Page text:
Tot Dret’s 2017 Brutality
At the close of this year’s guiding season, Run the Alps’ Senior Guide Simon Conroy undertook a little trail race in Italy, for a great cause (Hint: You can still lend a hand). And when we say “little,” we mean, “long, stupidly hard, with a 71% drop rate.”)
Here’s his story.
The Tot Dret, translated as “straight through” is an ultra trail race based in Italy’s Aosta valley. It’s the sister race to the world famous Tor des Géants, or “TdG,” and 2017 was the Tot Dret’s first year. It focuses on a small number of trail runners, or “trailers,” over a course that covers the last 130km of the 330km-long TdG route. For the inaugural edition, 297 runners ran from from Gressoney-St-Jean to Courmayeur in Italy, covering over 12,000 metres of ascent, with a time cut-off of 38 hours. The event is sponsored by the British outdoors equipment company, Montane.
Being the first race of its kind, there was huge interest both within Italy and from elsewhere. The TdG already had a reputation as being one of the hardest ultras in the world, so anticipation was high for the first edition of its sister race. Nineteen countries were represented, making this a truly international event, highlighting the Aosta valley as a Mecca for serious trail runners.
The race started with classic Italian pomp and ceremony, including a regional dance troupe with live music. Winners of past TdG races were on hand at the start to wish runners good luck.
And so, at 9 pm on Wednesday, September 13th, we started running towards Gressoney-St-Jean, with the winner anticipated to arrive in Courmayeur around 12:30 pm on Thursday afternoon.
The race, however, had other ideas. The course began with harshly cold conditions and after the brutal opening ascents and descents, it soon became clear to the organizers that they had underestimated the time needed for runners to get past the time cut-offs. A growing number of early withdrawals caused them to add 90 minutes to the 38 hour finish time allotment. This did nothing to help those already burnt out on the course, however. In total, 212 withdrew from the race and only 86 finished – an incredibly high drop-out rate of 71%.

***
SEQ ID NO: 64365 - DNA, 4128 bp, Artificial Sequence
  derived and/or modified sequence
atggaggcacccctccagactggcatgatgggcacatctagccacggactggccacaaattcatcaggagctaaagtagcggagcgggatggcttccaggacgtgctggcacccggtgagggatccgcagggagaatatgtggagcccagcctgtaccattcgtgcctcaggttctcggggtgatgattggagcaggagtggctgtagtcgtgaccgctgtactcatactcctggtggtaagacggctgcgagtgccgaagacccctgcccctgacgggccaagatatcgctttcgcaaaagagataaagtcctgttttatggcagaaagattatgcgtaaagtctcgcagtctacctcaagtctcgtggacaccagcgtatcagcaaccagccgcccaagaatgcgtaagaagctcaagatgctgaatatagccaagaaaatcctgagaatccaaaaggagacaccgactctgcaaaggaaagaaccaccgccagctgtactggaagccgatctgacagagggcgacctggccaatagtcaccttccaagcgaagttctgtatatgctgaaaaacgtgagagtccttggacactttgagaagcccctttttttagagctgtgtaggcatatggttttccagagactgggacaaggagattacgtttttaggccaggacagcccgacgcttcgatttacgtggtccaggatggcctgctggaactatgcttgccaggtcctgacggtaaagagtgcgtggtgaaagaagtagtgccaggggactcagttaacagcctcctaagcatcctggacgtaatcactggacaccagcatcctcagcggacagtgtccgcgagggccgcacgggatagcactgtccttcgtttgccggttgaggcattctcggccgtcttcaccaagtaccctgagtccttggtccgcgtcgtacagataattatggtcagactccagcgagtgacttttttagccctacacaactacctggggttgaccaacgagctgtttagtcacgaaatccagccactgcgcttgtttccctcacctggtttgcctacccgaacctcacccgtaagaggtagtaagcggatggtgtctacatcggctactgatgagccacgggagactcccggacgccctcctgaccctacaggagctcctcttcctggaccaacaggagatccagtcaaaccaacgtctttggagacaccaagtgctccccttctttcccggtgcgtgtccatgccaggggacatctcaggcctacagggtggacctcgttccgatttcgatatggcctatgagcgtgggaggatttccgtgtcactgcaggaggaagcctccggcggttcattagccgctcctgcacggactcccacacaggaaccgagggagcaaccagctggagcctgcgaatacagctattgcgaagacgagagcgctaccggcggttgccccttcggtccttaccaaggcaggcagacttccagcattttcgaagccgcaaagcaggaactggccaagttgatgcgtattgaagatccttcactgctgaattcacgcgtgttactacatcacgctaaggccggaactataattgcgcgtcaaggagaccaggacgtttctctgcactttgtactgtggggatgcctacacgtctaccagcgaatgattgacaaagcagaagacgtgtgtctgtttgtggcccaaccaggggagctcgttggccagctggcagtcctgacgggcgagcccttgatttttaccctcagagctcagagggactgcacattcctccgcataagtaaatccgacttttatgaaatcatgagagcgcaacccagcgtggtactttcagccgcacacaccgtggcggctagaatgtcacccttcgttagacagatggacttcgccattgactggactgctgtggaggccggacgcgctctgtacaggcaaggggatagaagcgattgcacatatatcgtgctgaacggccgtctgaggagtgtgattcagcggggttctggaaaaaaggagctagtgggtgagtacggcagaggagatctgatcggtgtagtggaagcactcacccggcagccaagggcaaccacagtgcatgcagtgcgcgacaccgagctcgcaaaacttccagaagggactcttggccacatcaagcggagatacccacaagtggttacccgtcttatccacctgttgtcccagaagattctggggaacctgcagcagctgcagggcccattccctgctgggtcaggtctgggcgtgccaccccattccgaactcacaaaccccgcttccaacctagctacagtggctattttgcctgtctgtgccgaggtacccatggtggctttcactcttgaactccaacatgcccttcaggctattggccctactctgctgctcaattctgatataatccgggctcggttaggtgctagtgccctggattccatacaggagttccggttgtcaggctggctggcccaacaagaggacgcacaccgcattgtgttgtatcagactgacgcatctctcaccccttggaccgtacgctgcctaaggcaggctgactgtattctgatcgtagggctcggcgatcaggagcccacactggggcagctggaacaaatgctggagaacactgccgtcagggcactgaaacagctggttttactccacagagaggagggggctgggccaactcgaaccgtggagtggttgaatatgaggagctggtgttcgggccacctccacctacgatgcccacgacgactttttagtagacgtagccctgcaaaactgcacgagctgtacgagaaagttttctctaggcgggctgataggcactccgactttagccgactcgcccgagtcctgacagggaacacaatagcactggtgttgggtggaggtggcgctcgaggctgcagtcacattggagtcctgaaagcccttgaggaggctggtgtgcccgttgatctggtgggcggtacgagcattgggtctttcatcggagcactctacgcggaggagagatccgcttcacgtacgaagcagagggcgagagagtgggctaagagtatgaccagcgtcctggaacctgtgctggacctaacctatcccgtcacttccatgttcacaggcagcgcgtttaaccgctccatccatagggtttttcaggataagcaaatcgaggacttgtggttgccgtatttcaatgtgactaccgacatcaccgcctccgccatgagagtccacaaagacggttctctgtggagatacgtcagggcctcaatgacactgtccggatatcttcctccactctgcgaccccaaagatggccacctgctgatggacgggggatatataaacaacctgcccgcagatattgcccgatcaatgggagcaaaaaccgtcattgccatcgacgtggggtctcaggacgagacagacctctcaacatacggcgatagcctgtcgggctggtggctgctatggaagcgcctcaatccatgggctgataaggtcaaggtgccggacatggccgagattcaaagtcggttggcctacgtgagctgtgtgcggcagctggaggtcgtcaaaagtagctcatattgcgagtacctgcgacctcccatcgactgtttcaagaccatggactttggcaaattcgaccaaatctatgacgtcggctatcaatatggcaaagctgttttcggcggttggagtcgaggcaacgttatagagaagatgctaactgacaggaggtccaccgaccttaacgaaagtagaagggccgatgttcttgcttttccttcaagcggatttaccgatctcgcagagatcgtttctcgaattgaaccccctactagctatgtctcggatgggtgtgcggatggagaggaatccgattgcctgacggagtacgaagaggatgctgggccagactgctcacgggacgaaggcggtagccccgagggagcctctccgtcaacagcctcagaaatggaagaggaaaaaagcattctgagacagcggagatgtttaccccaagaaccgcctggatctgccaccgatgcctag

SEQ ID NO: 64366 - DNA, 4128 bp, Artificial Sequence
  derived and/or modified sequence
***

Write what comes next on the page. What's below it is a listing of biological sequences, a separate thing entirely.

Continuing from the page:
As a result of this high drop-out rate, the race immediately drew attention from the Italian media, who suggested that the Tot Dret was even harder than the TdG, due to the perfect storm of technical terrain, poor weather, and challenging time limits.
During the race, Italian and French trail runners joined forces, running in tight groups, maintaining a steady pace to stay safe on exposed routes. I found myself on a solo path, chasing headlamps in the distance and then following Hoka and Salomon heels to remote aid stations, where I quickly drank and ate before hunting down my next prey. That worked… For a while, anyway.
By 80km into the race, in the town of Ollomont, it had turned into a survival-of-the-fittest battle. Even the lead runner stopped at Rifugio Frassati, below the Col of Malatra, above the alpine village of Saint-Rhémy-en-Bosses, Italy and not far from the Grand St. Bernard pass on the Switzerland-Italy border. Yet, suffering from severe cold and exhaustion, he eventually managed to rejoin the race.
Such was the fate of many, including myself, when the doctor at the aid station saw me puking – a result of lack of food combined with exhaustion. He gestured me over and delivered an ultimatum: I could withdraw or have a three-hour rest. I chose the latter. It was a good call on his part, so here’s a shout out to the doctor at Rifugio Frassati!
Well-rested, I was allowed to continue and finished the race in just over 35 hours, placing me 33rd overall, 5th in the “Veterans 2” category – and the first and only UK finisher.
Race organizers and competitors alike learned many lessons from this first edition. For me, the Tot Dret was an experience I will never forget, as the brutal verticality of the course, the original time constraints, and the harsh weather conditions made this one of the hardest physical challenges I have ever undertaken in either my military or civilian careers.
Already, the Tor des Géants is coming to mind, and a revisit of trails now forgotten seems to be on the cards.
I would like to thank Montane (shameless plug: find them here, or search the hashtag, #furtherfaster) for sponsoring me on this race. Most importantly, thanks to my wife Jen who crewed me all the way, dealing with some dubious tracking situations to find me in different stages of delirium. She made sure that I was cleaned, fed, and changed into dry clothes. She looked after me throughout the race, and for that I say, Grazie Mille!
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